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Cybercrime
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NEWS & INDUSTRY UPDATES

New study from Dragos shows that non-targeted malware hits roughly 3,000 unique industrial sites a year and targeted ICS attacks are not so rare [Read More]
The United States warned Tuesday that extremists plan to target passenger jets with bombs hidden in electronic devices, and banned carrying them onto flights from 10 Middle East airports. [Read More]
In a high-stakes congressional hearing followed live by millions in America and around the world, James Comey flatly rejected Trump's explosive claim that he was wiretapped by his predecessor Barack Obama. [Read More]
The Kremlin denied any official Russian involvement in cybercrimes after the US indicted two FSB intelligence agents over cyberattacks on Yahoo that compromised 500 million accounts. [Read More]
A newly discovered piece of ransomware that features a Star Trek-theme targets 625 file types and demands the ransom be paid in Monero, security researchers have discovered. [Read More]
A series "fileless attacks" previously attributed to two different threat attackers are now believed to have been carried out by the same actor, researchers say. [Read More]
The Association of British Travel Agents (ABTA) today informed users of a breach that may have affected up to 43,000 customers. [Read More]
With billions of stolen login credentials available on the dark web, bad bots are busy testing them against websites all over the globe. [Read More]
Newly observed ransomware campaigns are leveraging installer files from the Nullsoft Scriptable Install System (NSIS) to hide malicious code, Microsoft says. [Read More]
New Trojan dubbed Acronym is possibly linked to the malware family used in the Potao Express campaign [Read More]

FEATURES, INSIGHTS // Cybercrime

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Jack Danahy's picture
Identifying malicious software by recognizing that it just damaged the system or exfiltrated some amount of information is no longer defense, but detection.
Lance Cottrell's picture
In addition to basic credit monitoring, breached companies need to get ahead of the attacks and start providing security solutions that actually protect the victims before they are victimized again.
Adam Meyer's picture
While malicious actors demanding ransoms is not new, the surge of organizations being targeted with fake extortion demands and empty threats is. Let’s look at how extortion campaigns are carried out through the “avenue of approach” lens.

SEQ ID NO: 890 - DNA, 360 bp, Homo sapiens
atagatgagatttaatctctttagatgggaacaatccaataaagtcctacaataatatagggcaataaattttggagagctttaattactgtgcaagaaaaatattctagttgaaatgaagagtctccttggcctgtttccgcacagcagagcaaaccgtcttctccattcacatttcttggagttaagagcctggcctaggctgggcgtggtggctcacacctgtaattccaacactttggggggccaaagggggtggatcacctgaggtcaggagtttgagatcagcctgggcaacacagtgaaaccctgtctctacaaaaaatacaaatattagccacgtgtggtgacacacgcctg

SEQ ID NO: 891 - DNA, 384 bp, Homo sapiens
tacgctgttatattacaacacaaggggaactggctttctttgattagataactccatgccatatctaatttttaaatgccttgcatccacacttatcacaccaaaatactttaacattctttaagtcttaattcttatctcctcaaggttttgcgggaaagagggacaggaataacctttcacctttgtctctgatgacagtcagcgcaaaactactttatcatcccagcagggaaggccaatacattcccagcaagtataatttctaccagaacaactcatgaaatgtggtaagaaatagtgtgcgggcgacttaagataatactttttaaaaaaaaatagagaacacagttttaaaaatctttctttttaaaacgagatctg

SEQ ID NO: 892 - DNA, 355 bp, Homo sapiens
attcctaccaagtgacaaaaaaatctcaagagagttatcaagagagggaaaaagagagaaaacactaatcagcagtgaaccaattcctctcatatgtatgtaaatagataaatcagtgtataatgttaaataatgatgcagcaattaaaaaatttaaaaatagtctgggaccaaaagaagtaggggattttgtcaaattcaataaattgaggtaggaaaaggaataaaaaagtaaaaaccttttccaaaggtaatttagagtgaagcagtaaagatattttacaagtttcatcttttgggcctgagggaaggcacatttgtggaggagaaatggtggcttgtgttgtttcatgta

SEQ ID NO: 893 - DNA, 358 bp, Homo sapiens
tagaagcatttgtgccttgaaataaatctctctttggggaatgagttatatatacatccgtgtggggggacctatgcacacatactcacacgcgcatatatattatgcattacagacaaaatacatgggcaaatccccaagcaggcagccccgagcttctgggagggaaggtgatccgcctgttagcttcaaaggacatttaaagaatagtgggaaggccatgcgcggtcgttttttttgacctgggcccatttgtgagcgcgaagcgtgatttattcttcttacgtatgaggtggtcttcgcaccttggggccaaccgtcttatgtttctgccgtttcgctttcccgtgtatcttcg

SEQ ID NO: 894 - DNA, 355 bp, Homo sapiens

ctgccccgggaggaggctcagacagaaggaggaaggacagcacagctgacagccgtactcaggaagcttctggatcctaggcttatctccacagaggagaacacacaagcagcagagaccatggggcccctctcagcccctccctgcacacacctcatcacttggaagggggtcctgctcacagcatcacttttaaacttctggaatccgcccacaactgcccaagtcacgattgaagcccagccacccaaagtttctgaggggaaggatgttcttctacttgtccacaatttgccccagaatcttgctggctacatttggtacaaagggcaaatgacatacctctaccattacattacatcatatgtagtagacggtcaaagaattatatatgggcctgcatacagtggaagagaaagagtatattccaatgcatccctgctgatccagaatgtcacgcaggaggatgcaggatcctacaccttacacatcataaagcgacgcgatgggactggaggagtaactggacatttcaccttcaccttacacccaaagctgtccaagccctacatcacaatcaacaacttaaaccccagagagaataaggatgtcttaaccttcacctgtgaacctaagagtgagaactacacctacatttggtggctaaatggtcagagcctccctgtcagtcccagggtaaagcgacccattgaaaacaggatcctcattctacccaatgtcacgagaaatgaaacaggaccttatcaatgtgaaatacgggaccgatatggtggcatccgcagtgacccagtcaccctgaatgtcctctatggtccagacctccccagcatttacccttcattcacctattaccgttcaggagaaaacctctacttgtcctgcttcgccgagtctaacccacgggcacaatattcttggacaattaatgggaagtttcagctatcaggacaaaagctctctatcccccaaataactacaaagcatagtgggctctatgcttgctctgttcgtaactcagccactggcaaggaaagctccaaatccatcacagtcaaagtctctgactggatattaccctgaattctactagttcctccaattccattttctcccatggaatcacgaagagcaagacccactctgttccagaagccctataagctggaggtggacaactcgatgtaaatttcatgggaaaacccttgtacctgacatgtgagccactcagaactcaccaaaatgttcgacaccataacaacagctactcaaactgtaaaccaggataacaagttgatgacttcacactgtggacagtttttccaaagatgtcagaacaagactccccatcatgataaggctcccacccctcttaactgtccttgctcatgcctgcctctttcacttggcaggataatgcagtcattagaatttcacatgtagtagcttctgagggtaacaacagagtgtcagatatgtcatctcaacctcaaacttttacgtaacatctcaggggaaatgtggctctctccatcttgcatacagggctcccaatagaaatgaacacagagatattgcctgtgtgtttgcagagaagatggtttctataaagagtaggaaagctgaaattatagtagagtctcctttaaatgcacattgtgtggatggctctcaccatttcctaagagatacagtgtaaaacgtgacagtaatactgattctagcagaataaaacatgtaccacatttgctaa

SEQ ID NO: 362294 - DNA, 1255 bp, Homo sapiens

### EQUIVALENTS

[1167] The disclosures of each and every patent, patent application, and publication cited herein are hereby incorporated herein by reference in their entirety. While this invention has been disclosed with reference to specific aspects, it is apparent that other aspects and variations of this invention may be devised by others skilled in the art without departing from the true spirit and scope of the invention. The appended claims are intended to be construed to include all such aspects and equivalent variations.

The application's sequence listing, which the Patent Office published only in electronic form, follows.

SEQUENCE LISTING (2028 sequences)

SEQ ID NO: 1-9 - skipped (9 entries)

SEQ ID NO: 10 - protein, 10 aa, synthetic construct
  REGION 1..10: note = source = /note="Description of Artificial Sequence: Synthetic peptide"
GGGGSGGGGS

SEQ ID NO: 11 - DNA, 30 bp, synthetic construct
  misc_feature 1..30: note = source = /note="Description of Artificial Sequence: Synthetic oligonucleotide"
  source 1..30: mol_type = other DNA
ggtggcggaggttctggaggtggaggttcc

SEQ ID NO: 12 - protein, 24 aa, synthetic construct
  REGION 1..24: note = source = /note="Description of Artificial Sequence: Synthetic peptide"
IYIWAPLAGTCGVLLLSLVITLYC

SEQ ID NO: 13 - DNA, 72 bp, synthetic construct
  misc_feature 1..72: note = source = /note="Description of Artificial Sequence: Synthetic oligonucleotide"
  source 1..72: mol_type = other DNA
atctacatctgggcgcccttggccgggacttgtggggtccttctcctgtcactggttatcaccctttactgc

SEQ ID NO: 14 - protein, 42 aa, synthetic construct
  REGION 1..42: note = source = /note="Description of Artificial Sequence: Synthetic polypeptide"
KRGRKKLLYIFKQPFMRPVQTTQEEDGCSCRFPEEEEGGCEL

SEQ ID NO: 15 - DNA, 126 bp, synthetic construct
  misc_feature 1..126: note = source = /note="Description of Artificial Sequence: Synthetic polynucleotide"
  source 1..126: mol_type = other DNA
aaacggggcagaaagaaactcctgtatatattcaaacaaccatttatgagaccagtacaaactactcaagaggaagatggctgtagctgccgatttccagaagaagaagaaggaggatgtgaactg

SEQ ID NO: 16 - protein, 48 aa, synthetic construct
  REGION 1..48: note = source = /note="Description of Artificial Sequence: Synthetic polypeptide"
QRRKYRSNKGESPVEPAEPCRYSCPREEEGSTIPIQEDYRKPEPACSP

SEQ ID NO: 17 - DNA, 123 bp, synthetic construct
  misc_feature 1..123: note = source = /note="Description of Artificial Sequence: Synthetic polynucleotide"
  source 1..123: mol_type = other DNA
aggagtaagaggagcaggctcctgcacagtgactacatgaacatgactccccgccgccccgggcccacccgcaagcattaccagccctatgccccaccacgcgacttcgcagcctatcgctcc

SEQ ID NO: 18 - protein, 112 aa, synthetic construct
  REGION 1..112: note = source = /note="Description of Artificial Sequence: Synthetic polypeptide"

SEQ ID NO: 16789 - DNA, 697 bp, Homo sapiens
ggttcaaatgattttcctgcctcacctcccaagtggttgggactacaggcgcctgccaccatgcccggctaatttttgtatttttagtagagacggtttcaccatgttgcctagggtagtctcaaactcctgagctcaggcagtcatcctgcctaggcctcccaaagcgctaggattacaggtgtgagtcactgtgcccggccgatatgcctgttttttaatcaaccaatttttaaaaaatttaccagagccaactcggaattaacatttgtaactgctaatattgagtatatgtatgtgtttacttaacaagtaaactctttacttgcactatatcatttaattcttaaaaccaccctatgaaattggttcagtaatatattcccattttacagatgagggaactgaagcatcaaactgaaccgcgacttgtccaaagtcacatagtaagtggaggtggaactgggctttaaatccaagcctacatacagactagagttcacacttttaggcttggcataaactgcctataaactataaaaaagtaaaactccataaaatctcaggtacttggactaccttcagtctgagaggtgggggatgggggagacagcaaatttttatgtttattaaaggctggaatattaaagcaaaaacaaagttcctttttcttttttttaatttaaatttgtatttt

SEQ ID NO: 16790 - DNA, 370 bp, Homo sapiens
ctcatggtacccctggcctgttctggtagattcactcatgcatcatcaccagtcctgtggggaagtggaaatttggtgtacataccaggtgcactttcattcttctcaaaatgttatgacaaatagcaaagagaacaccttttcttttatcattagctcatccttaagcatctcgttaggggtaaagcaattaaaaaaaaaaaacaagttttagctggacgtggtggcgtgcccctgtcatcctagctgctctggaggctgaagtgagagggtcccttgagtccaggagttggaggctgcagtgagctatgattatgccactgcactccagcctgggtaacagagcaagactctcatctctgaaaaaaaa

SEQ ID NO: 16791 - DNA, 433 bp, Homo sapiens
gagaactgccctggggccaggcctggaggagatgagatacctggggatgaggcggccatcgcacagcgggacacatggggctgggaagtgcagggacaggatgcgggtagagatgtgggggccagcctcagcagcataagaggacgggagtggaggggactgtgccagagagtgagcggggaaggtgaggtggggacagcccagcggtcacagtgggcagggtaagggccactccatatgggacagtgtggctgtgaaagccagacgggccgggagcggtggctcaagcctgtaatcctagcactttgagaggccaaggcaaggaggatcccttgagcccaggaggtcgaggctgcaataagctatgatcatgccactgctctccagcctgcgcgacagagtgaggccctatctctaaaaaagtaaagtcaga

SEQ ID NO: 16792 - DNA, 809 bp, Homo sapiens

Alastair Paterson's picture
It’s natural to think that their adversaries are all financially motivated, but many are not. In 2016 we saw drivers like hacktivism, ideological differences and intelligence gathering also motivating attacks.
Jack Danahy's picture
Protection against the effects of ransomware starts with a clear understanding of all of the means that attackers will use to implant that first malicious package.
Scott Simkin's picture
Attackers have developed anti-VM analysis techniques to allow the malware to recognize when it is being run on a virtual machine and fail to execute, meaning the system or threat analytics cannot make a verdict determination or extract intelligence from the sample.
Josh Lefkowitz's picture
It’s critical to recognize that there will always be virtual ways in which terrorists and other criminals can create threats that no border process or physical security program can stop.
Alastair Paterson's picture
It’s fairly typical for bad actors to escalate extortion-based campaigns during seasonal events when the stakes for targets are high.
Jack Danahy's picture
The impact of ransomware has expanded from an IT nuisance to attacks that can shut down and potentially ruin the businesses they infect.
Torsten George's picture
While effective at curbing “petty crimes” such as credit skimming / cloning, EMV does not address more sophisticated cyber-attacks that target backend systems which contain card holders’ most sensitive information.